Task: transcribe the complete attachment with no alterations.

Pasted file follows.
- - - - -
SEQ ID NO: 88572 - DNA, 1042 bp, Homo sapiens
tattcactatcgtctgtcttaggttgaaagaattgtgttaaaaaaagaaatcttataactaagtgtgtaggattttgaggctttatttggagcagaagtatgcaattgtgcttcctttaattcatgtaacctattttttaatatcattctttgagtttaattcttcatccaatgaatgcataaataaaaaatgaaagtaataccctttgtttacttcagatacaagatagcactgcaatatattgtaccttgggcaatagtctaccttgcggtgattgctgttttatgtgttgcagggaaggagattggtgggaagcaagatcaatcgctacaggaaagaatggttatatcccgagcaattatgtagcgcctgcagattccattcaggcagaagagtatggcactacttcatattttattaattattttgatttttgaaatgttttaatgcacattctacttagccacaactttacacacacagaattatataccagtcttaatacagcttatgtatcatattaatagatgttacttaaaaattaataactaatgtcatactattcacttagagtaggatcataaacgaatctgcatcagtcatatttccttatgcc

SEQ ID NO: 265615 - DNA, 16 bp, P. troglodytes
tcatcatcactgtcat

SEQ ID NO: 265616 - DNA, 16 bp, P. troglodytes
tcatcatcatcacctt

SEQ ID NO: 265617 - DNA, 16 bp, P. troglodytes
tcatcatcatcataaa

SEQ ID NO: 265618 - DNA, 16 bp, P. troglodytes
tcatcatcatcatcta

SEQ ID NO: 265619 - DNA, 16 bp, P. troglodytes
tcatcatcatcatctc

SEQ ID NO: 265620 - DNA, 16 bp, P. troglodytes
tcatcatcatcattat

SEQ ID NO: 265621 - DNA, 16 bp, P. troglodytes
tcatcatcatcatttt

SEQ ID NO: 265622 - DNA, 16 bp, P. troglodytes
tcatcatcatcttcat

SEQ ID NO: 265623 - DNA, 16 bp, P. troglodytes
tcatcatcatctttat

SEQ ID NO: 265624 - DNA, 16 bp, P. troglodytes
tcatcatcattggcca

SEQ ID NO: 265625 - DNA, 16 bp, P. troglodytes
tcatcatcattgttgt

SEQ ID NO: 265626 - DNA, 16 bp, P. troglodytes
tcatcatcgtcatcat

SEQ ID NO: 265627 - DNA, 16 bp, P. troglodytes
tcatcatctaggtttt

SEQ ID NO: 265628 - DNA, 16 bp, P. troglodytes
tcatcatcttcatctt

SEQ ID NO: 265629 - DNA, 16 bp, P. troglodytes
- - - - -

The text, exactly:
SEQ ID NO: 88572 - DNA, 1042 bp, Homo sapiens
tattcactatcgtctgtcttaggttgaaagaattgtgttaaaaaaagaaatcttataactaagtgtgtaggattttgaggctttatttggagcagaagtatgcaattgtgcttcctttaattcatgtaacctattttttaatatcattctttgagtttaattcttcatccaatgaatgcataaataaaaaatgaaagtaataccctttgtttacttcagatacaagatagcactgcaatatattgtaccttgggcaatagtctaccttgcggtgattgctgttttatgtgttgcagggaaggagattggtgggaagcaagatcaatcgctacaggaaagaatggttatatcccgagcaattatgtagcgcctgcagattccattcaggcagaagagtatggcactacttcatattttattaattattttgatttttgaaatgttttaatgcacattctacttagccacaactttacacacacagaattatataccagtcttaatacagcttatgtatcatattaatagatgttacttaaaaattaataactaatgtcatactattcacttagagtaggatcataaacgaatctgcatcagtcatatttccttatgcc

SEQ ID NO: 265615 - DNA, 16 bp, P. troglodytes
tcatcatcactgtcat

SEQ ID NO: 265616 - DNA, 16 bp, P. troglodytes
tcatcatcatcacctt

SEQ ID NO: 265617 - DNA, 16 bp, P. troglodytes
tcatcatcatcataaa

SEQ ID NO: 265618 - DNA, 16 bp, P. troglodytes
tcatcatcatcatcta

SEQ ID NO: 265619 - DNA, 16 bp, P. troglodytes
tcatcatcatcatctc

SEQ ID NO: 265620 - DNA, 16 bp, P. troglodytes
tcatcatcatcattat

SEQ ID NO: 265621 - DNA, 16 bp, P. troglodytes
tcatcatcatcatttt

SEQ ID NO: 265622 - DNA, 16 bp, P. troglodytes
tcatcatcatcttcat

SEQ ID NO: 265623 - DNA, 16 bp, P. troglodytes
tcatcatcatctttat

SEQ ID NO: 265624 - DNA, 16 bp, P. troglodytes
tcatcatcattggcca

SEQ ID NO: 265625 - DNA, 16 bp, P. troglodytes
tcatcatcattgttgt

SEQ ID NO: 265626 - DNA, 16 bp, P. troglodytes
tcatcatcgtcatcat

SEQ ID NO: 265627 - DNA, 16 bp, P. troglodytes
tcatcatctaggtttt

SEQ ID NO: 265628 - DNA, 16 bp, P. troglodytes
tcatcatcttcatctt

SEQ ID NO: 265629 - DNA, 16 bp, P. troglodytes